The Problem With “Fake It ‘Til You Make It,” According to Tibi’s Founder

Good Evening Recap Man Repeller

You know Amy Smilovic as the woman who has perfected the art of daily headless mirror selfies that are equal parts super-sleek and super-funny. What you may not know is that Amy became the founder of a clothing brand after spending just thirty-eight dollars on four clothing samples on her third day living in Hong Kong.

Since her foray into fashion entrepreneurship in 1997, Amy has grown Tibi into a contemporary women’s brand known for bringing elegance to asymmetrical silhouettes and creating designs with the recognition that clothes are meant to be lived in. Man Repeller HQ was not immune to the powers of Tibi’s plaid kitten heel boots which ascended to the top of our shopping lists when we first saw them grace the feet of Amelia Diamond.

As fans of the brand, we were eager to hear how Amy built Tibi into the line it is today. So, we invited her to Man Repeller HQ for our second installment of Good Evening where our very own Leandra Medine Cohen picked Amy’s brain like a rogue surgeon.
Below are five golden nuggets we absorbed from Amy’s journey to becoming the founder and Creative Director of Tibi, delivered in signature deadpan style:

1. “Fake it til you make it works… as long as you understand that you’re faking it.”

“If you start to believe your own hype, then you have serious problems on your hands,” Amy explained. “You don’t have a business until you have a product.” As Amy geared up to launch Tibi, she made incremental calculations of how much money she could lose and still be okay. Instead of creating an ambitious long-term plan, Amy kept herself humble by focusing on concrete short-term gains.

2. “When you move to another country you have permission to try something you wouldn’t normally do. Especially if the people speak another language—they could be saying ‘No’ and you’re like… I don’t even know what they’re saying.”

When Amy moved to Hong Kong, she had just left her job at American Express. Finding herself in an unfamiliar city with no obligations, she decided to bring four of her fashion sketches to life. At home, she had the ability to check in with friends and question things, which didn’t slow her down abroad. A new environment might just have the power to free you of the inhibitions holding you back—or you can try plugging your ears and singing lalalalalala.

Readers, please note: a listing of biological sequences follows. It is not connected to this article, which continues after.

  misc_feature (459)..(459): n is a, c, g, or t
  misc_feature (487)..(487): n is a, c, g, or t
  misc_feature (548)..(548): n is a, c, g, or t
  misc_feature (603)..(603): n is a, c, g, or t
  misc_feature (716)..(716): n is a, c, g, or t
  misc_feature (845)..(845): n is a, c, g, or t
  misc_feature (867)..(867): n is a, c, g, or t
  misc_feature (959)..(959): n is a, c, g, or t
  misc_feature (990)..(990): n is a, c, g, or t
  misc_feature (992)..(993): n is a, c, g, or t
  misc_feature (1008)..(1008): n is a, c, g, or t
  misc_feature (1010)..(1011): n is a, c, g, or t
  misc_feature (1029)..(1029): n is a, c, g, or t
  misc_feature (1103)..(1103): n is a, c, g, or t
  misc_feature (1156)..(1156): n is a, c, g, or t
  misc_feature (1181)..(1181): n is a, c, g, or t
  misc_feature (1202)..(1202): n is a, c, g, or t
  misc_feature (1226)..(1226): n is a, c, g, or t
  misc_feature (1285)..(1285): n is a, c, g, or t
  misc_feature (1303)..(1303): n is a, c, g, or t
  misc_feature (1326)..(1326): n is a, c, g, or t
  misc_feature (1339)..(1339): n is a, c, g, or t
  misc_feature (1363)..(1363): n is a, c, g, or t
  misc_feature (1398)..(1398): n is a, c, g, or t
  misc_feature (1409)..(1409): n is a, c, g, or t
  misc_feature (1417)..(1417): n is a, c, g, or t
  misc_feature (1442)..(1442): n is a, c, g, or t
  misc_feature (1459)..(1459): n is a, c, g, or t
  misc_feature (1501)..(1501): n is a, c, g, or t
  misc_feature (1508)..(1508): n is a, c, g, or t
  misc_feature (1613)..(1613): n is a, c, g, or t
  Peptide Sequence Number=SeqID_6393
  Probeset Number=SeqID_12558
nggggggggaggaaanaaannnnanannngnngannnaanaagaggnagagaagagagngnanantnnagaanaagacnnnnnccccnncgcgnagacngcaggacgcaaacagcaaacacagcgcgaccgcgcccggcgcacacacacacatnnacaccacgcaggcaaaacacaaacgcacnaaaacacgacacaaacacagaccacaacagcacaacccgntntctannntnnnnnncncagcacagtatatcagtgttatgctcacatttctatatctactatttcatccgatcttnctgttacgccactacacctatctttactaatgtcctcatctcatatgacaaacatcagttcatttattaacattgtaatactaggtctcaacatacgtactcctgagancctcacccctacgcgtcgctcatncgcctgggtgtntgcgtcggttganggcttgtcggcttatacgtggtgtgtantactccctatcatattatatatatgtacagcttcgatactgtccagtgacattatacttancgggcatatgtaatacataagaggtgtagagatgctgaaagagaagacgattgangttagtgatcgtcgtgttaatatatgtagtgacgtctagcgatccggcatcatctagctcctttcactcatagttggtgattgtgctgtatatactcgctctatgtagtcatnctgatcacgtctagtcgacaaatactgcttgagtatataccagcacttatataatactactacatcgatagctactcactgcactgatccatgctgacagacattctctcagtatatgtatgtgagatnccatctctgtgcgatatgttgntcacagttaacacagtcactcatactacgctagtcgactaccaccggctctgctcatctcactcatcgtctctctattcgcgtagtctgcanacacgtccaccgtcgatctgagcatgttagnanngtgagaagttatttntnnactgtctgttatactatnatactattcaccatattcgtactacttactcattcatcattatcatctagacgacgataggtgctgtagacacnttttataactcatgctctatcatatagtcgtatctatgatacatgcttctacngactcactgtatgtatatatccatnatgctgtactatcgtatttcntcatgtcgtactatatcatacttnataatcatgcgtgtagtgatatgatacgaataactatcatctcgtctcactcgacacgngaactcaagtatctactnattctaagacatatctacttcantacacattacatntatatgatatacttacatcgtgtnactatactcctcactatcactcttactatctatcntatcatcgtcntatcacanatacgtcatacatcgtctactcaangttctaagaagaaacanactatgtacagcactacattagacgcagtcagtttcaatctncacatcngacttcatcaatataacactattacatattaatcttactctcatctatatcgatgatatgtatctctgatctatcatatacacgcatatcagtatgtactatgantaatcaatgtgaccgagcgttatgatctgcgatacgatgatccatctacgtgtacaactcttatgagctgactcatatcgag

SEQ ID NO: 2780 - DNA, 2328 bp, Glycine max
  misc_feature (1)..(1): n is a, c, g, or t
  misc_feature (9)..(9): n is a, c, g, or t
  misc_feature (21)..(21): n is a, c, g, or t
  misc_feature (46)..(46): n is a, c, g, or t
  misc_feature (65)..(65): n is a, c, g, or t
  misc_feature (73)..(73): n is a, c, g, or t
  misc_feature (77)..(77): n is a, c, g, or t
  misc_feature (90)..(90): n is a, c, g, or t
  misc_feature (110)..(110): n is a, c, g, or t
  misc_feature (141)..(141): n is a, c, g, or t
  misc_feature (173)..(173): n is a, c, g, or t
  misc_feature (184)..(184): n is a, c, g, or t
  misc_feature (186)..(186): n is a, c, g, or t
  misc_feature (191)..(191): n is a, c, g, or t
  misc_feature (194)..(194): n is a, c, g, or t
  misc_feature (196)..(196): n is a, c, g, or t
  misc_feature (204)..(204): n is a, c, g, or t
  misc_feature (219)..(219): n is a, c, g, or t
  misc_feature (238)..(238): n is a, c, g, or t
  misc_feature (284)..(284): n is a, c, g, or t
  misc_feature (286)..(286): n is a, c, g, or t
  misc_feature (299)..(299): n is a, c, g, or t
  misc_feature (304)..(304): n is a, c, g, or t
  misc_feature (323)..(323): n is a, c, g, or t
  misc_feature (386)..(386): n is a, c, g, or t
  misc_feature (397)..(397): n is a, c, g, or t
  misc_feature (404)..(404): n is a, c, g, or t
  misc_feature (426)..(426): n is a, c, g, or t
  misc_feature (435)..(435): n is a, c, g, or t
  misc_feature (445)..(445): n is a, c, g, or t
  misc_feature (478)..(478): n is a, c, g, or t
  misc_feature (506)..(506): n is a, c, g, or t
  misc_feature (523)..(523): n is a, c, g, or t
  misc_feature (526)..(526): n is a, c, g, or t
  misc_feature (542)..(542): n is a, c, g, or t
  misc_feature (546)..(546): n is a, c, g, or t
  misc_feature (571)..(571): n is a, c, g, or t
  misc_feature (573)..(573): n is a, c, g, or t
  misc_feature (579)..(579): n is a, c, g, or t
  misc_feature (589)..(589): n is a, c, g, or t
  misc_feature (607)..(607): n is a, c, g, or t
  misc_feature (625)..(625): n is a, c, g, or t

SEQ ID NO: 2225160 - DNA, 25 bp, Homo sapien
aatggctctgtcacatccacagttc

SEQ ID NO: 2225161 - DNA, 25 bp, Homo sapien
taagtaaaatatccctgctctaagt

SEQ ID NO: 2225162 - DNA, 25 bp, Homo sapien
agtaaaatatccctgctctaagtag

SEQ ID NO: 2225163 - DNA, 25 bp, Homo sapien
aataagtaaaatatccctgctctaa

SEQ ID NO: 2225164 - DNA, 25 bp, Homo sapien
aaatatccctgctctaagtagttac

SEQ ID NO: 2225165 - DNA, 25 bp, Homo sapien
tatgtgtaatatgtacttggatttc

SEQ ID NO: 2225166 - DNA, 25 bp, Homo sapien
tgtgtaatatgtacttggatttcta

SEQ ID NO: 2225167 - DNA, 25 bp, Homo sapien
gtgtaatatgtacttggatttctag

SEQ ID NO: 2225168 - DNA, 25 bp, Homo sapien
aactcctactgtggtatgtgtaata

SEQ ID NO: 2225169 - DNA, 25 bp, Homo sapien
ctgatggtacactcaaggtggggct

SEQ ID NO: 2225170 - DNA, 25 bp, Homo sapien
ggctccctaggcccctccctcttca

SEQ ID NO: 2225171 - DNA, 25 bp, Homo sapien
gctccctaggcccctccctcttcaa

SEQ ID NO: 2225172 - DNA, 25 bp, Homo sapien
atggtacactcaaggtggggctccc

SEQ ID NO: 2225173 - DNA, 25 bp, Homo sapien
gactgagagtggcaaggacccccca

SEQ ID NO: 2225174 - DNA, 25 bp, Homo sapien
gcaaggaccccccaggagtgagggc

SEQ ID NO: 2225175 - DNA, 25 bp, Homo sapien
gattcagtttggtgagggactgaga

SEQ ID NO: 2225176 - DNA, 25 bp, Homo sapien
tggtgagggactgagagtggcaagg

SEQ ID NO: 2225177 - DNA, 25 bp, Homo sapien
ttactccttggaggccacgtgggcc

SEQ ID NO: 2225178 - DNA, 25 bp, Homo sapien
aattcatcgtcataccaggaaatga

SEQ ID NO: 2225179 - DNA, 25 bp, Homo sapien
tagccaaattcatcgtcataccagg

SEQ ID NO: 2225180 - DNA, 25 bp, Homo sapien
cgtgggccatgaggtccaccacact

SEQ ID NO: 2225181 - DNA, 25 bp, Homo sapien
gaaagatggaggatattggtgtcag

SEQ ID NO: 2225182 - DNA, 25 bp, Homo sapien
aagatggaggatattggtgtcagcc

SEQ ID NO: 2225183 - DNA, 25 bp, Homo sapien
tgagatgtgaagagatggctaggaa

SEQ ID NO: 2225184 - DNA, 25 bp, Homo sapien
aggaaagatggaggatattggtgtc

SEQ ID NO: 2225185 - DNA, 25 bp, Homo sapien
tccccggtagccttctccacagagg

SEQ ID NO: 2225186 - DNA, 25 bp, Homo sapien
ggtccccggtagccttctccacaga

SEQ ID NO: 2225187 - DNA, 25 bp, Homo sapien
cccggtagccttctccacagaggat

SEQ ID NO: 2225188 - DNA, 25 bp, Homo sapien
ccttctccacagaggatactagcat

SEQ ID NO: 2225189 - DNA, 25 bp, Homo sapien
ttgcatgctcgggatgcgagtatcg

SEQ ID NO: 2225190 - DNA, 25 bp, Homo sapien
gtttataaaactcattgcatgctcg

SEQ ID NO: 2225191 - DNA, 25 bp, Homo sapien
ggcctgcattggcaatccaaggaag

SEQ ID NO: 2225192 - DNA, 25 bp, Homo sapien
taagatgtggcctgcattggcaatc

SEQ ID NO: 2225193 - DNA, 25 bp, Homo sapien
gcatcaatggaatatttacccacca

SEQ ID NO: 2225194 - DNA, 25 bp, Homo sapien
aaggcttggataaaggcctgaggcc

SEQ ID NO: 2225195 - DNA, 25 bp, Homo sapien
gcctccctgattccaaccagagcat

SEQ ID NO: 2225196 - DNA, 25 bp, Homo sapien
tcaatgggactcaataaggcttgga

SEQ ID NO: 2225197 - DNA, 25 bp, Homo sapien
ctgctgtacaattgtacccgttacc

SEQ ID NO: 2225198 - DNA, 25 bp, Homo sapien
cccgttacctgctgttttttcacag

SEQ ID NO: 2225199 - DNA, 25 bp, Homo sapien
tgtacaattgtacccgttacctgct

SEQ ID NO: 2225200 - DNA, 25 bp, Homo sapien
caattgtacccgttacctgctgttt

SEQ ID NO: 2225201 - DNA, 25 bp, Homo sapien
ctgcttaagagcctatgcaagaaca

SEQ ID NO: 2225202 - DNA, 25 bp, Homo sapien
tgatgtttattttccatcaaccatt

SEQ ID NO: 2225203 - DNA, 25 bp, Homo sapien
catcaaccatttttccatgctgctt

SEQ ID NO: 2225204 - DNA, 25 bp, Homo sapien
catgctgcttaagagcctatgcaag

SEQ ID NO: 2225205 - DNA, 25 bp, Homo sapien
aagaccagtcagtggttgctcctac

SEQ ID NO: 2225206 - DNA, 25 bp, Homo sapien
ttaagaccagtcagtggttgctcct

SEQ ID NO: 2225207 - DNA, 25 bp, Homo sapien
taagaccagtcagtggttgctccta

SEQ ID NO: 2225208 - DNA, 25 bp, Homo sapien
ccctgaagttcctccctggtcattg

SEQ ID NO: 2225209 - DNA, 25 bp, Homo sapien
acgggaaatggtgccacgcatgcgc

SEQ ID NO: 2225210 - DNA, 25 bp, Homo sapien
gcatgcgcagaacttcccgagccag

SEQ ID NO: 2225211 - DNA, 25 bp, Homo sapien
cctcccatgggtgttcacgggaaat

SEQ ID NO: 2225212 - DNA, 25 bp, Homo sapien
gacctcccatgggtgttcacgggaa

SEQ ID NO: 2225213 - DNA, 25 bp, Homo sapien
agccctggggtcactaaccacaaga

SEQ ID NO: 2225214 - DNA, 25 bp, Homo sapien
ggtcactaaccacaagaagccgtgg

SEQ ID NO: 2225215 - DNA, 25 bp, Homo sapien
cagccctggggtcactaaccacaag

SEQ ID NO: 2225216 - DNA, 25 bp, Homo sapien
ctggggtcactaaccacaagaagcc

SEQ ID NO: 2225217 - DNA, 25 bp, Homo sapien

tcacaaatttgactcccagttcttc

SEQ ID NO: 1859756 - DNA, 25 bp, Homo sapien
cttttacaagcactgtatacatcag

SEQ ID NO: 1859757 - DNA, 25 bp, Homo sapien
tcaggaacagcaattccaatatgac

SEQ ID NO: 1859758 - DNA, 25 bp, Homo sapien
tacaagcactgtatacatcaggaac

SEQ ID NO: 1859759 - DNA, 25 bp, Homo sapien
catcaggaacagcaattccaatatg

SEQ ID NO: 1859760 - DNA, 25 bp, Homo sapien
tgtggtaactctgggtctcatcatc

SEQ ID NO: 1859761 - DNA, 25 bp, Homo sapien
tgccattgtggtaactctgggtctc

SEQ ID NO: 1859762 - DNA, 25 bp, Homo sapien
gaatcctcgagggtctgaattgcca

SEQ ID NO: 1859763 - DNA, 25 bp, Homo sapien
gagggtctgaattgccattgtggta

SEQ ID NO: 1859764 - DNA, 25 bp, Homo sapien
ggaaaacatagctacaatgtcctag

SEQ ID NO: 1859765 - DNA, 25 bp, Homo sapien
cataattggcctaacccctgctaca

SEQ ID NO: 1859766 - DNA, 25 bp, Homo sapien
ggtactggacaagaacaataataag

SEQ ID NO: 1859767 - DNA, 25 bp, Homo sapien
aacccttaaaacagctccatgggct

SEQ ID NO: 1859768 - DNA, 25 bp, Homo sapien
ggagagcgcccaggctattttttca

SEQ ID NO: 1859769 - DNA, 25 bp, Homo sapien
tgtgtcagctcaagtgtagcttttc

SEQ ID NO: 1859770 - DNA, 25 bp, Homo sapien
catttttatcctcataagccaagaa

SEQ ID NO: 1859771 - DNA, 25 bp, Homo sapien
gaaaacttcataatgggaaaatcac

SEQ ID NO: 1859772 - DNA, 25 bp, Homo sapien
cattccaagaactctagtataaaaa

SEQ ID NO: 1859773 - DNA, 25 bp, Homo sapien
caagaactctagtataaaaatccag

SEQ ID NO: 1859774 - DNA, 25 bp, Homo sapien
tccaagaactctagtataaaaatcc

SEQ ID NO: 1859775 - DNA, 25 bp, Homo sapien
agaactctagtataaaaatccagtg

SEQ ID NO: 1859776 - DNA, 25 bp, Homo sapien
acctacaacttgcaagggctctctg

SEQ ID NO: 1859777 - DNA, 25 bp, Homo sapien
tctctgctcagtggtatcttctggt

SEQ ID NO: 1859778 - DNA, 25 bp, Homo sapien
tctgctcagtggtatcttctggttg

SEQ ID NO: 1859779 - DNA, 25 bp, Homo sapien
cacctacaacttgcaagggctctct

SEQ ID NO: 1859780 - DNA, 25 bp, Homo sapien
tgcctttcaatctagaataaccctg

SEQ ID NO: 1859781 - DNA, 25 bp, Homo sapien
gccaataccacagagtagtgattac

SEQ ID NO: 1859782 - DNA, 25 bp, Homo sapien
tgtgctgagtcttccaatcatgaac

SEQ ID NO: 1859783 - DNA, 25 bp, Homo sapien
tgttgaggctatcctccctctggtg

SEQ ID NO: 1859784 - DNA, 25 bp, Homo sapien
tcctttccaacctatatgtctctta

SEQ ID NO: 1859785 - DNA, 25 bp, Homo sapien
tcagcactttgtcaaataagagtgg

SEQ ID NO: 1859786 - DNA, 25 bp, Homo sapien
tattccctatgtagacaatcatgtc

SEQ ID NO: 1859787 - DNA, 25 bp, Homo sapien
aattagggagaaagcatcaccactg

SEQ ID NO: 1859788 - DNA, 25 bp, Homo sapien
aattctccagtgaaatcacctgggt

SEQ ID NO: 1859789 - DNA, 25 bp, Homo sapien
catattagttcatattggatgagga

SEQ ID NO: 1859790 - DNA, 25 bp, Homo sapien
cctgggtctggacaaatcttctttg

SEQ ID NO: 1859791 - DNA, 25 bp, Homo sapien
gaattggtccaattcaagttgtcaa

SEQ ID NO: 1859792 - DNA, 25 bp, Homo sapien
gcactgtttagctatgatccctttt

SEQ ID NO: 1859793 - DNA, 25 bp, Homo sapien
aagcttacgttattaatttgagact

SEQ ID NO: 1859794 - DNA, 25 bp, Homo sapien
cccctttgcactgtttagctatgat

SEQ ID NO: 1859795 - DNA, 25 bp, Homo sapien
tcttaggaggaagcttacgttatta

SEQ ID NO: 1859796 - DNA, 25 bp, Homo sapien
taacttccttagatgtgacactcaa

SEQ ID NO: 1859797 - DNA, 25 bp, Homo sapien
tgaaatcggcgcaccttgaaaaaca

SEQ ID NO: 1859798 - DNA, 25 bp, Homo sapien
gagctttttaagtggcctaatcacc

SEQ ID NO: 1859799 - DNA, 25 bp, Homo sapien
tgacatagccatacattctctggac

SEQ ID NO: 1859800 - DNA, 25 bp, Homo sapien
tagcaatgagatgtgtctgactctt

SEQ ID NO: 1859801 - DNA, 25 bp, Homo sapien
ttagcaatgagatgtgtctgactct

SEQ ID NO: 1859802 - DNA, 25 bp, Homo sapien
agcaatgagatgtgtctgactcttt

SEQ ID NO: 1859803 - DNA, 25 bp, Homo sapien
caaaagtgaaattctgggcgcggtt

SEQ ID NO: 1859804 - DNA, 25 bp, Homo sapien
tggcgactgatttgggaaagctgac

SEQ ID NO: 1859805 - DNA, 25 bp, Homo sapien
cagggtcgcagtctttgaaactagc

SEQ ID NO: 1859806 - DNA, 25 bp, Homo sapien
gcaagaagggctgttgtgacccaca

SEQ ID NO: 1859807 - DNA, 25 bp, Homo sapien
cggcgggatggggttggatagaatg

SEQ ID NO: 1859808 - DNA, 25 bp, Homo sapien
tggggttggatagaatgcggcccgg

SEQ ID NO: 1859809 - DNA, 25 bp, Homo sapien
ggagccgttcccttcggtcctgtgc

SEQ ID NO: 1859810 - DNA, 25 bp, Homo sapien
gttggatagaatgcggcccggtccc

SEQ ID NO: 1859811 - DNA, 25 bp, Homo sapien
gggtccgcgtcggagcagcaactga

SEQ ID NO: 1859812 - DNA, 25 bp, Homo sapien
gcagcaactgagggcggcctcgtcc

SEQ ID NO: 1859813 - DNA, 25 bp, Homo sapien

3. Make the most of your bathtub.

Amy’s first order consisted of 4,000 pieces. She stored the boxes of pants in the bathtub of her Hong Kong home, and spread the rest throughout her kitchen cabinets. By dreaming big but starting small, Amy was able to make informed, calculated decisions—starting with a sale in her own home with the hope that she’d sell enough units to be able to take a shower afterward.

4. “When I decide something isn’t good anymore, I need to destroy it all the way.”

After Leandra went through a breakup in 2006, she knew her heart was truly broken because she didn’t feel like buying anything (lol). That is, until she came across a “ditsy floral frock” from Tibi. But when Leandra met Amy years later, she was shocked to discover that the woman behind the frock was “sleek, modern, clean lines, very limited color, doesn’t want to talk to you if you even smell like a peony.”

Amy explained that in Tibi’s early years retailers had latched onto the floral skirt trend and subsequently urged Amy to put out as many floral prints out as possible. Striving for a sustainable business, Amy took the advice but found that it had pigeonholed the brand into an aesthetic unrepresentative of Amy’s true taste. “The only thing I can bank on is creating things that I love and want to wear,” Amy said. So she bagged the florals and began creating the line she’d always wanted. “That’s when everything changed.”

5. “When people put down clothing as being superficial, take a look at history.”

When fashion is labeled as trivial, Amy doesn’t buy it. Thinking about historical, ornate beaded necklaces, she says, “From day one, someone put something on and felt something.”
Leandra, decked in striped pants, a polo, and a fringed camel blazer was quick to agree: “Even if it is a survival mechanism, even if we are just cogs in a wheel, all of us are just trying to survive, and if we have figured out the way to survive and feel good about it by putting something on, go for it. When people apologize for reading gossip magazines I’m like, ‘Look, if that’s what’s bringing you joy, just fucking read the magazine.’”

Good Evenings are monthly events that bring the Man Repeller community together over burning candles and Ramona spritzers to get a behind-the-curtain peek at industries that inspire us from people we admire.

Keep your eye on Man Repeller’s Insta Stories to find out about ticket drops for future Good Evenings!

Photos by Ken Castaneda.

Starling Irving

Starling Irving is a New York-based writer and photographer with an affinity for vintage suitcases, toile de jouy, and anything with a mint leaf garnish.

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